> > Any help would be great, thanks
    > >
    > > For my original problem and the resulting solution, please search on
    > > this string:
    > > "Problem with asp.net app only allowing 1 user"

    >
    > If you use a different *instance* for each user, there should not be a problem.
    > Only use a singleton if you really mean there should be only one instance
    > in the entire application.
    >
    > If you are writing information to a temporary file (as you seem to do from
    > your other post), then you need to make sure every user (read: session)
    > uses a different file. I'm not sure this is the best route though! (performance
    > issues, security issues, diskspace, ...)
    >
    > I think a better way is:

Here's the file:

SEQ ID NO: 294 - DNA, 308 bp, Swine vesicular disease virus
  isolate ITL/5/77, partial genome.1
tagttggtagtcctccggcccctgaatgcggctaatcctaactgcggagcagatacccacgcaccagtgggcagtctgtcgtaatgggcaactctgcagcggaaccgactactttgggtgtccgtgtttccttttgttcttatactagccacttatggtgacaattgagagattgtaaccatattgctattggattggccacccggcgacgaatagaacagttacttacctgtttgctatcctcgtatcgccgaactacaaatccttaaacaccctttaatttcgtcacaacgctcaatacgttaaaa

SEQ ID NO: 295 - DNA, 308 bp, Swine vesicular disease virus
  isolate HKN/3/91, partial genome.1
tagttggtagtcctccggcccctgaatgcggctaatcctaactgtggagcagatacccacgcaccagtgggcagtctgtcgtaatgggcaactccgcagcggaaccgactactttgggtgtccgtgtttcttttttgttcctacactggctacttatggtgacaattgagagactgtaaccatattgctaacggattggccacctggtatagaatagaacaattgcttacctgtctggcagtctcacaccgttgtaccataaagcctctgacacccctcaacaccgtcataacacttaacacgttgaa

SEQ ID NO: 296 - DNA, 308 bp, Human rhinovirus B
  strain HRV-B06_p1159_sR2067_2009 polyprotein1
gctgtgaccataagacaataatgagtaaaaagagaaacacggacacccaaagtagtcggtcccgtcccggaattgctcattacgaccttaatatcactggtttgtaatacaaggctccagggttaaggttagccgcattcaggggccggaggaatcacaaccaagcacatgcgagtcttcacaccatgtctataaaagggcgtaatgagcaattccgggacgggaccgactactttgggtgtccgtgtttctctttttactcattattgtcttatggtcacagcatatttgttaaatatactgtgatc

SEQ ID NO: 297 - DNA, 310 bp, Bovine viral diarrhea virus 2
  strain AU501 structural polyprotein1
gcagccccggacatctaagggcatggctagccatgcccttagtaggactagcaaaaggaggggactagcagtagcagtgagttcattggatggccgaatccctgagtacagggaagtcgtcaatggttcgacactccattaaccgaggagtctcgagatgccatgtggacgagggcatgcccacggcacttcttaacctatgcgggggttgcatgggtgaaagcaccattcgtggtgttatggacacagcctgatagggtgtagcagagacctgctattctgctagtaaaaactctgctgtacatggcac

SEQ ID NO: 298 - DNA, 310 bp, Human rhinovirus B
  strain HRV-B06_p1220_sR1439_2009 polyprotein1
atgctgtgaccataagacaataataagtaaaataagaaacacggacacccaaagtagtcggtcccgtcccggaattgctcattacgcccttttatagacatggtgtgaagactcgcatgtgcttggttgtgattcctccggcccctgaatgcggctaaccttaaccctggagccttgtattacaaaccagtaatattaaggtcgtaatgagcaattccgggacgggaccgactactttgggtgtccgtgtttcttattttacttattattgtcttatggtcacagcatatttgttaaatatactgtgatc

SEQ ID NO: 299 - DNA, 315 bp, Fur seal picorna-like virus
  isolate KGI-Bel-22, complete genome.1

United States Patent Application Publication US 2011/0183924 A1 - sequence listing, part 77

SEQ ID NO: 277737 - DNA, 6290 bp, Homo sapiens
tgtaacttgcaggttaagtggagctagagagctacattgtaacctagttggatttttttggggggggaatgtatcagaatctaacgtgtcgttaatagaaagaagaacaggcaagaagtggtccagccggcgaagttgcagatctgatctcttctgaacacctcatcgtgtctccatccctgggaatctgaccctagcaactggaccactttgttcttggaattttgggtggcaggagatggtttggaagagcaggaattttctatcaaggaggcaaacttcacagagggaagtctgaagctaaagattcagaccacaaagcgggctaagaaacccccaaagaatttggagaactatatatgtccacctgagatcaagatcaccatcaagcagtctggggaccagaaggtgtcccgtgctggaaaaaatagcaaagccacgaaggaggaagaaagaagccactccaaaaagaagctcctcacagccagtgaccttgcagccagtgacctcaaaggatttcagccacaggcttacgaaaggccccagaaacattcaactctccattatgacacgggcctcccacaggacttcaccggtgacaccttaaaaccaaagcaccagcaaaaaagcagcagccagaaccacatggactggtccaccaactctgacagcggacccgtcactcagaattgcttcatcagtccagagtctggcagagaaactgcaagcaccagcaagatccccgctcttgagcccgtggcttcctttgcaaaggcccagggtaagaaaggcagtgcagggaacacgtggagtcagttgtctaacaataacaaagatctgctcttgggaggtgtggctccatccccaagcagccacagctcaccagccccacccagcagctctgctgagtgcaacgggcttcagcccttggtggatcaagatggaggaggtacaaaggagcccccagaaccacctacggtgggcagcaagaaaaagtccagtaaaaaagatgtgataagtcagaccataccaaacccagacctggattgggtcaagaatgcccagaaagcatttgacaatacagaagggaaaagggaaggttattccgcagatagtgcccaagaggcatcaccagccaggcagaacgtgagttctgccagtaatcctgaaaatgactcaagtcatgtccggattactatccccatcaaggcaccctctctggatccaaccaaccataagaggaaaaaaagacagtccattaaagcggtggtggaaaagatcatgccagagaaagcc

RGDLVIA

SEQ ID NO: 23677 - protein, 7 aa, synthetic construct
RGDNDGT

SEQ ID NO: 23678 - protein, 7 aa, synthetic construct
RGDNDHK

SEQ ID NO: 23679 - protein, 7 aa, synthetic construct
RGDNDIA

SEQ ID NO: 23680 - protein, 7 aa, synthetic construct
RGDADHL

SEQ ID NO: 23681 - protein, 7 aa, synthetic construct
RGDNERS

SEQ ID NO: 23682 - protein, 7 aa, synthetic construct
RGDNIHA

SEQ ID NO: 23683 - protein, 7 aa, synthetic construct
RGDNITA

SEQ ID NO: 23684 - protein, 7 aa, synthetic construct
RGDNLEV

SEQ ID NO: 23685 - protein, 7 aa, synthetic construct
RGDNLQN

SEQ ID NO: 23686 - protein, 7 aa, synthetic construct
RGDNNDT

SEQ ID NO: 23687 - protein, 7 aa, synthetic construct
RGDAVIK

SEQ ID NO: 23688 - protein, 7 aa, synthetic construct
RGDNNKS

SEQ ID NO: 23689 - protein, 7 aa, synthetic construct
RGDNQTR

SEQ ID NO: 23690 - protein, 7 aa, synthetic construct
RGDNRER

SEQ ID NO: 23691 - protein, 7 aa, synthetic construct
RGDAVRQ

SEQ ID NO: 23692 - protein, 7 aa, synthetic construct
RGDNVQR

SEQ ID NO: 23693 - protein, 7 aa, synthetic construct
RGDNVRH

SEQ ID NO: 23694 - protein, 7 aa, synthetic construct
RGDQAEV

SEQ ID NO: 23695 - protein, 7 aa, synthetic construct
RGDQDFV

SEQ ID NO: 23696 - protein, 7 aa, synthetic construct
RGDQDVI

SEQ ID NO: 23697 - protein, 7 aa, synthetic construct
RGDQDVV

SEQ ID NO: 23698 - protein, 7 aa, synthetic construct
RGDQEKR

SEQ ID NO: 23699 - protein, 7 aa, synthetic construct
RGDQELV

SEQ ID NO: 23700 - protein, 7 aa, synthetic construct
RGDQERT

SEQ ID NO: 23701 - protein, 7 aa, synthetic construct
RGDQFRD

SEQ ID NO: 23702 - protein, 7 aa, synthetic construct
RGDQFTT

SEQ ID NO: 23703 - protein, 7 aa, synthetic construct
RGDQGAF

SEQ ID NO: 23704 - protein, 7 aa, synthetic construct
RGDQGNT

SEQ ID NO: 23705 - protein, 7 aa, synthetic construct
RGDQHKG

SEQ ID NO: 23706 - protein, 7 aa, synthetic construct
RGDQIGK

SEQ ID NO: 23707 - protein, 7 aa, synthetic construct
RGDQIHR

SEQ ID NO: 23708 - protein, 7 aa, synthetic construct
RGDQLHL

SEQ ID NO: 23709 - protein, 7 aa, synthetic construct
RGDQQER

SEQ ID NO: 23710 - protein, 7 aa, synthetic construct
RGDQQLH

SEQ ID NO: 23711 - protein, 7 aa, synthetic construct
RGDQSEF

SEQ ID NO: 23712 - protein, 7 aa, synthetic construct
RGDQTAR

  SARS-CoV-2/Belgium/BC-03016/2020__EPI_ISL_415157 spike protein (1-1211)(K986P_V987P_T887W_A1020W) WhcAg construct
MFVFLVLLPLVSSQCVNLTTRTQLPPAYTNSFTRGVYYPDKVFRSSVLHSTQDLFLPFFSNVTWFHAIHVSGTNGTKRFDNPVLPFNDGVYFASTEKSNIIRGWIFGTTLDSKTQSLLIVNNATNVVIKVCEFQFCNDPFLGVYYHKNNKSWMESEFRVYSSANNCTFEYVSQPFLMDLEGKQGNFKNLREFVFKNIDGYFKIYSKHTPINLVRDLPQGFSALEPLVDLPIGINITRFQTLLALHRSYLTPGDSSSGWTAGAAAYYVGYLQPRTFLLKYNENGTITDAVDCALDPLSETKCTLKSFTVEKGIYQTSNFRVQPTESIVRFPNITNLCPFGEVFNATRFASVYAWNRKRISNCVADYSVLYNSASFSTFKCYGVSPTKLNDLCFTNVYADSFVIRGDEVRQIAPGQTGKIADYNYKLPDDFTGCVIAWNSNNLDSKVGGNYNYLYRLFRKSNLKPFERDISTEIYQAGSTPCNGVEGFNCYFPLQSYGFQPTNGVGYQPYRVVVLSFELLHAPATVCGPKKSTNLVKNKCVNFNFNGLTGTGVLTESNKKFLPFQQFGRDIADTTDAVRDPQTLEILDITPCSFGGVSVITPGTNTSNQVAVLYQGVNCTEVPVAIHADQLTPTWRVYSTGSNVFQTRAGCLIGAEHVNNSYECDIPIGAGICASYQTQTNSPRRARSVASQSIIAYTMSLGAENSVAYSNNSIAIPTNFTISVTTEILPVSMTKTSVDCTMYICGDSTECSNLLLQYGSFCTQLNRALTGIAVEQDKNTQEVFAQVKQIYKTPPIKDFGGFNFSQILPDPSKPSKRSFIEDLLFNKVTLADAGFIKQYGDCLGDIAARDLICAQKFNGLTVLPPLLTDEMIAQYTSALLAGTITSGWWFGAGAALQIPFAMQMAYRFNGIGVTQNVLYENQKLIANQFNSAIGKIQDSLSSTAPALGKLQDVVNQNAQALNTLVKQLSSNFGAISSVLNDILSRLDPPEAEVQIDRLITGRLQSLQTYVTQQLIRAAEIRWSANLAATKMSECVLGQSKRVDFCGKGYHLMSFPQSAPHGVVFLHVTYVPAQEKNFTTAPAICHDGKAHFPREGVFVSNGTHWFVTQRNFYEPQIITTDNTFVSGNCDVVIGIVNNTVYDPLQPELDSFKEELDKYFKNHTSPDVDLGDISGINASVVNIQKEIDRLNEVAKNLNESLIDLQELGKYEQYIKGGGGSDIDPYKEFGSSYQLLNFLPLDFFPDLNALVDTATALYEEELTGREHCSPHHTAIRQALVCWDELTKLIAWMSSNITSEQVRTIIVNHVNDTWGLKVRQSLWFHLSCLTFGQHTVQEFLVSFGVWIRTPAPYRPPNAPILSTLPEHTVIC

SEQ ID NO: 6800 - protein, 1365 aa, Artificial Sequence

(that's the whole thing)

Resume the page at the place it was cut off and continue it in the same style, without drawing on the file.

> - define (in your code) a class to hold all data you want to collect
    > - for each session, create an instance of this class and store it in Session
    > - if you want to store some data in that object, retrieve a reference to
    > it from the Session and update you object.
    > - when you are ready to store everything (for this user) in the database,
    > again retrieve a reference, read everything and store it in the database.
    > Then you can remove this object from the user's Session.
    >
    > The fact that the *code* is shared in the web-application doesn't mean that
    > the *values* are shared too. Unless you specifically want to, that is.
    >
    > Show some code how you persist that temporary data now, and we can point
    > out specific issues with it.
    >
    > Hans Kesting
    >
    >
    >
    =?Utf-8?B?anNhbGU=?=, Dec 8, 2004
    #3
  4. If i can explain a little better, i don't use singletons, it's just that
    whereas a windows application has a local copy (i.e. one per user) of all the
    classes, only the one user is writing to them. With the web application, the